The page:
Economy bleeds while reality only getting harsher for people

Russia’s war in Ukraine might be taking place 5,800 kilometres away from Bangladesh and the country is not involved militarily in the dragging conflict in any way, but its economy and people have been paying heavy prices.

The war, which began on February 24 last year, has hit Bangladesh’s robust economic recovery from the coronavirus pandemic. The economy grew at a slower-than-expected pace in the last fiscal year and the growth might decline further in the current financial year as well.

Inflation has stayed at an elevated level after surging to a multi-year high in August owing to global supply disruptions, higher import costs and a spike in fuel, gas and electricity prices. Higher consumer prices have hit hard the poor and the fixed-income groups disproportionately since their earnings did not rise in line with the expenses, forcing them to slash consumption, both food and non-food.

The war-induced higher global commodity prices and slowdown in external demand have led to a sharp widening of the current account deficit, depreciation of the taka and a decline in foreign exchange reserves.

The taka, which was under pressure even before the war began, lost its value by about 25 per cent against the US dollar since February last year, driving up the cost of imports in a country that relies on external sources for 80 per cent of wheat, nearly 100 per cent of crude oil and processed petroleum products, a majority of fertiliser, edible oil and sugar.   

The forex reserves were down by 28 per cent.

The global energy crisis prompted the government to close diesel-fueled power plants, introduce rolling blackouts and cancelled the purchase of liquefied natural gas from international spot markets, affecting households and factories alike.

In order to tame the pressure on state coffer, the prices of fuel, fertiliser, gas and electricity were raised in an unprecedented manner. But the pressure did not go away.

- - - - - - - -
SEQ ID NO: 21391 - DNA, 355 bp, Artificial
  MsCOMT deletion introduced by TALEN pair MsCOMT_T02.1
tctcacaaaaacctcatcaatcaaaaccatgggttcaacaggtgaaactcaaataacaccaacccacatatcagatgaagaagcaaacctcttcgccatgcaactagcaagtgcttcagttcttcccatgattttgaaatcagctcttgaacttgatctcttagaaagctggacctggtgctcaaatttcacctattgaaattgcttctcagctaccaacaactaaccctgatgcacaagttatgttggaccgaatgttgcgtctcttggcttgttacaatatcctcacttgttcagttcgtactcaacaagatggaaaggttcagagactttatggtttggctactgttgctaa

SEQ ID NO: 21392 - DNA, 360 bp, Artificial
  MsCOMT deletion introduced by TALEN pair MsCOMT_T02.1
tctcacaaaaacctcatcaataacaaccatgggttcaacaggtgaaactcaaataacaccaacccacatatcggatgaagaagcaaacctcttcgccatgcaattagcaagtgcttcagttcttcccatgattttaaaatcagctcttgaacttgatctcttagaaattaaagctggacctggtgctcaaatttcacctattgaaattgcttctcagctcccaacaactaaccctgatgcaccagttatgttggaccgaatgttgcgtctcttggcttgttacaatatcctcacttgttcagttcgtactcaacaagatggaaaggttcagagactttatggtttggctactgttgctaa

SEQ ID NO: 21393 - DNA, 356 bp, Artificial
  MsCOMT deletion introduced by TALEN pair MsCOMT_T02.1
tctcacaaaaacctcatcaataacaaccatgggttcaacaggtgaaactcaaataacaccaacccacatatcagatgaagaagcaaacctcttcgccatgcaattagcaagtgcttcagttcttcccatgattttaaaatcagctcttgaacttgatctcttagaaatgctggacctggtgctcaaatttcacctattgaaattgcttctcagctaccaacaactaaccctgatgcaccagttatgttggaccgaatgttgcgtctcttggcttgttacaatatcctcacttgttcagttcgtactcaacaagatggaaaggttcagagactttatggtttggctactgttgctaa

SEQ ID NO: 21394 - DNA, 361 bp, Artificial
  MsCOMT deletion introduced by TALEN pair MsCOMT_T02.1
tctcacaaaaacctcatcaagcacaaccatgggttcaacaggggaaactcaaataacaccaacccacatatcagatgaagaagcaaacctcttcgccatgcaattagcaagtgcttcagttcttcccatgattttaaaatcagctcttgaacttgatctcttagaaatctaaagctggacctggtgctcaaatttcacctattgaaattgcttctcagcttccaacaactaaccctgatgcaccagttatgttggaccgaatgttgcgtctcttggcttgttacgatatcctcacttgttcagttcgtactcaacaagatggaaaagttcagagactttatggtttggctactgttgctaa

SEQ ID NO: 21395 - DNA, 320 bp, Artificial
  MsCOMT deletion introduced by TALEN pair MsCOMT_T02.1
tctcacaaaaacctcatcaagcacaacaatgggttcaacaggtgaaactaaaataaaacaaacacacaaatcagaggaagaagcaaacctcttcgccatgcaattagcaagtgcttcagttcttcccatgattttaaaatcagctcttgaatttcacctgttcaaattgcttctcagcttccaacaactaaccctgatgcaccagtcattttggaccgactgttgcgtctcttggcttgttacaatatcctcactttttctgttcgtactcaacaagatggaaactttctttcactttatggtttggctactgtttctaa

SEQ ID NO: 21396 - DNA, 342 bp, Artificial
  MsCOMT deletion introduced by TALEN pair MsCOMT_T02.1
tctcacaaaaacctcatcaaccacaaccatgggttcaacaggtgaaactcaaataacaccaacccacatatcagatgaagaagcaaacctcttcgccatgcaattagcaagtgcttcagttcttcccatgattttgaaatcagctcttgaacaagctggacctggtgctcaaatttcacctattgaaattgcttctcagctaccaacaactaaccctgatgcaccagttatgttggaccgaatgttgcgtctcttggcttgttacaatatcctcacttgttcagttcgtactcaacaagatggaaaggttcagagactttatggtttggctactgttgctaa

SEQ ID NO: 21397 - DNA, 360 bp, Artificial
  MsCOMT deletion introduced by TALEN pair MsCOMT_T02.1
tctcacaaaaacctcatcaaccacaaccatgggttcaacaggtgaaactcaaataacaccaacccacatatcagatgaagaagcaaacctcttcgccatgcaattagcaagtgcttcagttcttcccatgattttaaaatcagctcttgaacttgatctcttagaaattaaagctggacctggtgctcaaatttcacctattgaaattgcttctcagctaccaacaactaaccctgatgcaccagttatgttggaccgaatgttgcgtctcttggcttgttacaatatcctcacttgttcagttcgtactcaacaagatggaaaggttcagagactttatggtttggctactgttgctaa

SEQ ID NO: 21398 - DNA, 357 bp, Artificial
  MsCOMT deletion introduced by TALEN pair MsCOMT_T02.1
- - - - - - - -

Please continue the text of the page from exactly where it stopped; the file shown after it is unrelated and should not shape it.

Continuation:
Owing to higher global prices, importing the same volume of nine essential commodities — crude oil and refined oil, LNG, wheat, fertilizer, palm oil, coal, soybean oil, maize and rice – was expected to cost an additional $8.2 billion in 2022 in comparison to 2021, according to the budget speech of the finance minister in June.

Exports shot up to a record high in the last financial year, which ended in June, riding on pent-up demand. But the shipment growth is expected to slow in line with falling demand in Europe and the United States, which together account for nearly 80 per cent of the country’s total external demand.

Remittances are not rising to the expected level although Bangladesh sent a record number of workers abroad last year.

Rising prices of fertiliser may cause some farmers to reduce their use of the input, leading to lower agricultural production and higher food prices at a time when the world is facing a food crisis.

According to the Agricultural Market Information System, an inter-agency platform based in Rome, fertiliser prices have decreased 40 per cent since hitting record nominal highs last spring. Still, prices remain nearly twice their level of two years ago.

And Mokhlesar Rahman, a farmer in Bogura, told The Daily Star yesterday: “This was the first time in many years, we have had to buy fertiliser by standing in line.”

The war has hurt the employment sector since businesses have adopted a wait-and-see approach when it comes to investments as uncertainty persists.

Falls in employment are larger than those in GDP at 1.6 per cent, said the International Food Policy Research Institute (IFPRI) in a paper on the impacts of the war on Bangladesh’s economy in July.